ICANN is officially defined as follows:
A non-profit, international corporation that was formed in September 1998 to take over global responsibility for Internet Protocol (IP) address space allocation, protocol parameter assignment, Domain Name System (DNS) management, and root server system management functions. These services were previously performed under U.S. Government contract by the Internet Assigned Numbers Authority (IANA) and other entities. IANA is now a part of ICANN. Among its duties, ICANN distributes IP address space, and delegates responsibility for further allocation of IP addresses to the Regional Internet Registries (RIRs): ARIN, RIPE, and APNIC. ICANN is also supporting the efforts to form two new RIRs: one in Africa (AFRINIC) and one in the Latin American/Caribbean geographical region (LACNIC). The ICANN has formally recognized three Supporting Organizations tasked with developing and recommending to the ICANN Board substantive policies regarding matters within their subject areas. The Supporting Organizations also each select three Directors to be named to the ICANN Board. The three Supporting Organizations include:
The IANA and ICANN Web addresses are as follows:
With the formation of ICANN, NSI lost the registration services monopoly it had with InterNIC. The for-profit company is now one of many organizations that register domain names. The InterNIC as it was established in 1993 is no longer in service. However, the site still has valuable information, such as a list of registrars. Since the word "InterNIC" is a registered service mark of the U.S. Department of Commerce, NSI no longer uses the name.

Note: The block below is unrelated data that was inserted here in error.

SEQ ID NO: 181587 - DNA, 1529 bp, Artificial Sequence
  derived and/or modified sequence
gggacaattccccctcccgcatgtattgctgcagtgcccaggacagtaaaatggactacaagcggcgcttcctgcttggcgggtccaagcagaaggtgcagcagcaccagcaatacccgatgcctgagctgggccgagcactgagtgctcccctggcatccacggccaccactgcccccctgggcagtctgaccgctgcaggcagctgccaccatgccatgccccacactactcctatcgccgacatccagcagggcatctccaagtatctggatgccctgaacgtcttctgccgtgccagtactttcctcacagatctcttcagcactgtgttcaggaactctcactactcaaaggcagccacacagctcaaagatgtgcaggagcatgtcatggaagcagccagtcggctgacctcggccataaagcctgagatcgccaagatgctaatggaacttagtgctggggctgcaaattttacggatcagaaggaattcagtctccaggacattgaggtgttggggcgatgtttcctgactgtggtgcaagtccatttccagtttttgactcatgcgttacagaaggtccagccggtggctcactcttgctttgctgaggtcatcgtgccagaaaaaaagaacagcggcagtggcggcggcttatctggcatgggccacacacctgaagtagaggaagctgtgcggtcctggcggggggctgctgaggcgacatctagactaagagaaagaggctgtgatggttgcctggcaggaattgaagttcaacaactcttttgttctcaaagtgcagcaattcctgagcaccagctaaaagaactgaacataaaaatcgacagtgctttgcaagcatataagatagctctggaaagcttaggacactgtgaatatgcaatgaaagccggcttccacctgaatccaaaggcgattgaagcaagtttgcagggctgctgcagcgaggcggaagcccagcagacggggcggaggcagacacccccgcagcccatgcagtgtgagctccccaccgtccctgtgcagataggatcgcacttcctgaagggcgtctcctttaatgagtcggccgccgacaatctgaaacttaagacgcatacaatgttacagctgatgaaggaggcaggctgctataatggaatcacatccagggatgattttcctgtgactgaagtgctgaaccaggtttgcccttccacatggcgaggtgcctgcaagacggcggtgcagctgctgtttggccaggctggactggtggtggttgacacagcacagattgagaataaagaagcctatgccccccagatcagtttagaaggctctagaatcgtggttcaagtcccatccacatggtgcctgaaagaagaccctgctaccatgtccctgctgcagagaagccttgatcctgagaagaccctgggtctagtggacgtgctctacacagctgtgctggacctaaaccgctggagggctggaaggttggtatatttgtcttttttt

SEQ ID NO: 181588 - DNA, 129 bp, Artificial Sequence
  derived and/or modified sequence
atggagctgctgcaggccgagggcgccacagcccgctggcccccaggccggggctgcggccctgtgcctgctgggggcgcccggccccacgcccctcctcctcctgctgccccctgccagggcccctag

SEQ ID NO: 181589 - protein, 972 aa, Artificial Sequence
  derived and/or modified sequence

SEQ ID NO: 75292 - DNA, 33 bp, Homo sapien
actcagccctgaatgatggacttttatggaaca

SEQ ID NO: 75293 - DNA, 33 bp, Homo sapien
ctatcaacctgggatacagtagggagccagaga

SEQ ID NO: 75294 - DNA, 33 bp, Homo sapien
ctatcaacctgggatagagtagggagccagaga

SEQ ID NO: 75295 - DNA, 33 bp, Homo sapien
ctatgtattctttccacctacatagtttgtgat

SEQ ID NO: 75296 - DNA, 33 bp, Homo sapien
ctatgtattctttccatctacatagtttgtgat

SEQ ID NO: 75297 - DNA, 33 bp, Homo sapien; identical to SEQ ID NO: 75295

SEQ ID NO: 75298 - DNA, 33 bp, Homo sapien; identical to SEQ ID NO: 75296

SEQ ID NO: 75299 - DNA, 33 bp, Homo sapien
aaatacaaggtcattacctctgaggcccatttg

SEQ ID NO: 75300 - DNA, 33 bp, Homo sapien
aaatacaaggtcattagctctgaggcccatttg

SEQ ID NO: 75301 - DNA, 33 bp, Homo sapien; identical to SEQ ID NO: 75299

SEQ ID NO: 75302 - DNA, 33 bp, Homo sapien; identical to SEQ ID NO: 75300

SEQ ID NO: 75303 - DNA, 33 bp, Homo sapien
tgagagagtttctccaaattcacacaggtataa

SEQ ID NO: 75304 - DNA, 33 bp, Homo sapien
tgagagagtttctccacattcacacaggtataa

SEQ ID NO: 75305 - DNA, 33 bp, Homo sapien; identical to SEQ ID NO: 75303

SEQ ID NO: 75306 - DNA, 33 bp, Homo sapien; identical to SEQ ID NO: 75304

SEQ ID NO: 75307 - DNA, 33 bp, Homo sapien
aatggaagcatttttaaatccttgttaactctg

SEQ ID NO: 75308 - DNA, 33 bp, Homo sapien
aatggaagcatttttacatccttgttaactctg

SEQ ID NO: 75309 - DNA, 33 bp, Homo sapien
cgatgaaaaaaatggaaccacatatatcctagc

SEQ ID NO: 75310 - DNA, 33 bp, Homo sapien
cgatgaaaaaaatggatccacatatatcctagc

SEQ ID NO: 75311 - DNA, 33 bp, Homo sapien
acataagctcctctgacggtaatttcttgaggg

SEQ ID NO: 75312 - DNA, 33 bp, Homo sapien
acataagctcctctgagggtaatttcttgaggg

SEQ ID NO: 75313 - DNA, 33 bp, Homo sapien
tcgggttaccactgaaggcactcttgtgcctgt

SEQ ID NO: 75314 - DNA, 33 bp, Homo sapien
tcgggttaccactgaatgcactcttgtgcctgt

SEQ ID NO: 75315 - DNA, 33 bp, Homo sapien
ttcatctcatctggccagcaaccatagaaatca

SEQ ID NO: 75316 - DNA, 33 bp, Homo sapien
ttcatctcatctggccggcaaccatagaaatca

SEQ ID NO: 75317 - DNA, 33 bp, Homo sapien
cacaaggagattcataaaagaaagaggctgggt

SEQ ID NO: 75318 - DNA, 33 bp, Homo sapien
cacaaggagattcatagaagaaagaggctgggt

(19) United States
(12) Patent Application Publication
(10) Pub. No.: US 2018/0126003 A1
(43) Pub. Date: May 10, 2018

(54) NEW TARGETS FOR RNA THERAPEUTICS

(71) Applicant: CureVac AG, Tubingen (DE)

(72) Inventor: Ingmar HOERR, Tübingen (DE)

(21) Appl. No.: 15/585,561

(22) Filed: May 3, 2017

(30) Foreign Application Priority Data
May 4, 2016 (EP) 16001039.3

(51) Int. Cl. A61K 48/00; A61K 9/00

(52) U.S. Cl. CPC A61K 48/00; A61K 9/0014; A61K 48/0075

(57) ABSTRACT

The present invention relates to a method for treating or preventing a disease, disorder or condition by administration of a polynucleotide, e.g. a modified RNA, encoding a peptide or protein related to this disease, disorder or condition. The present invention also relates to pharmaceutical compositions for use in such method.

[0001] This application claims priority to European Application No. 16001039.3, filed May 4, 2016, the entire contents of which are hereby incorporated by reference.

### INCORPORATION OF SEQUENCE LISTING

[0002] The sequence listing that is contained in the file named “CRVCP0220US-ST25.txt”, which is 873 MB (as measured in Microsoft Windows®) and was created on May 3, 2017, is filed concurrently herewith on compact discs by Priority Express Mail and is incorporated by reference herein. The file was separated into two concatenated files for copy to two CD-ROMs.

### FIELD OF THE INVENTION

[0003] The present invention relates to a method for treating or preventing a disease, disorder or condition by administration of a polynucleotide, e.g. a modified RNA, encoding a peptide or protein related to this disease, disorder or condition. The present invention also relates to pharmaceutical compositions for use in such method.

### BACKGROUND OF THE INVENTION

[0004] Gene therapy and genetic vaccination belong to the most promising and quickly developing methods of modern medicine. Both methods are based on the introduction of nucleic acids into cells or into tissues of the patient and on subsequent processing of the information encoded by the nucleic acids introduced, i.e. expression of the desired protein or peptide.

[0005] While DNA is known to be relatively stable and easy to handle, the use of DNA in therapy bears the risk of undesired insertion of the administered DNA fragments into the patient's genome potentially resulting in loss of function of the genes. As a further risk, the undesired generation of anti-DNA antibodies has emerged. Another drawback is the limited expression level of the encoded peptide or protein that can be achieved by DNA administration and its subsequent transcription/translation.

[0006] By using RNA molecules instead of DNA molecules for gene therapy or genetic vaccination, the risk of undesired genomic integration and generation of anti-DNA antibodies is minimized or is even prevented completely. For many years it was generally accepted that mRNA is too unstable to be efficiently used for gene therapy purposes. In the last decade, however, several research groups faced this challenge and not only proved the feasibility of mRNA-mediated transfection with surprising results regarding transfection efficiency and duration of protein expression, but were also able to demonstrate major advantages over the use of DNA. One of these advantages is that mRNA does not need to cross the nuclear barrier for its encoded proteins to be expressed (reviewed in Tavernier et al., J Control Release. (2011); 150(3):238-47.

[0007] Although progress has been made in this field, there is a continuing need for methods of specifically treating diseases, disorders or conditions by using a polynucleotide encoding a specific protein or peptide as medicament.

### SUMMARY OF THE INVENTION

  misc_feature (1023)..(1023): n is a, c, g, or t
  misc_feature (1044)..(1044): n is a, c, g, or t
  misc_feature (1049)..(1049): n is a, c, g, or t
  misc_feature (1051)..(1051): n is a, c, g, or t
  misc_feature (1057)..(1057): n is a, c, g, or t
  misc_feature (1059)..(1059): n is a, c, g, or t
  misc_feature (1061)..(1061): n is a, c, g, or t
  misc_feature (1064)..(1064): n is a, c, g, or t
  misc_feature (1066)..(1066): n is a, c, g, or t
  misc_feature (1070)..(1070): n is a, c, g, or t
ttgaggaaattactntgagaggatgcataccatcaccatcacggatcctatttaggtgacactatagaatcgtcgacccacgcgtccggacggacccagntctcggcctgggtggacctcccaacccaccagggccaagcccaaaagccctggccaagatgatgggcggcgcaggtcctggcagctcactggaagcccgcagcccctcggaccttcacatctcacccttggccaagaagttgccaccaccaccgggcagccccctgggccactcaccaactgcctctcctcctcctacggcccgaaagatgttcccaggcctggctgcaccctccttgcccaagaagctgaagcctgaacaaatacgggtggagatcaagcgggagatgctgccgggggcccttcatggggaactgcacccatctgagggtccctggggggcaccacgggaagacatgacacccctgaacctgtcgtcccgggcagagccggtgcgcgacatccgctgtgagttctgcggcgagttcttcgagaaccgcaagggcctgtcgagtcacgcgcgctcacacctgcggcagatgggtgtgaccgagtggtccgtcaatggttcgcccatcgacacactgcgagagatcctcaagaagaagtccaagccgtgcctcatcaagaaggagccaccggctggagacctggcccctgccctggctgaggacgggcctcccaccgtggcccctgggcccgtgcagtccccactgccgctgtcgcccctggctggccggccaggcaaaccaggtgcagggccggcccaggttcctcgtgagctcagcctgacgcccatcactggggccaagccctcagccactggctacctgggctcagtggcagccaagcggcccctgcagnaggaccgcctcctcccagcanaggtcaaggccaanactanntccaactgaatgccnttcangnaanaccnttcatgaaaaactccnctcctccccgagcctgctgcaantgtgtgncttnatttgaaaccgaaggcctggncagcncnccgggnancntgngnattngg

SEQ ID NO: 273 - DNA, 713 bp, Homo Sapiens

Domain name registration may be accomplished through a number of organizations, including NSI. The following Web site provides a directory of accredited registrars:
While ICANN is responsible for IP address allocation policies, the actual management of IP address space is handled by registries. IP addresses are distributed in a hierarchical manner. At the top of the hierarchy is IANA, which allocates blocks of IP addresses to regional Internet registries (RIRs). The regional registries then further allocate blocks of IP addresses to local Internet registries within their geographic regions. Finally, the local registries assign addresses to end users. There are currently three RIRs:
Many organizations are involved in the development of telecommunications and information technology standards. In many cases, these organizations share work with the Internet organizations mentioned earlier. In particular, organizations such as the IEEE (Institute of Electrical and Electronics Engineers), the ATM Forum, the ISO (International Organization for Standardization), and the ITU (International Telecommunication Union) create standards that are closely linked to Internet standards. See "Standards Groups, Associations, and Organizations" for a complete list of related organizations and their Web addresses.
Organizations that are specifically involved in Internet issues are listed below:
The following RFCs provide current or historical information about the organization of the Internet and its committees:
Copyright (c) 2001 Tom Sheldon and Big Sur Multimedia.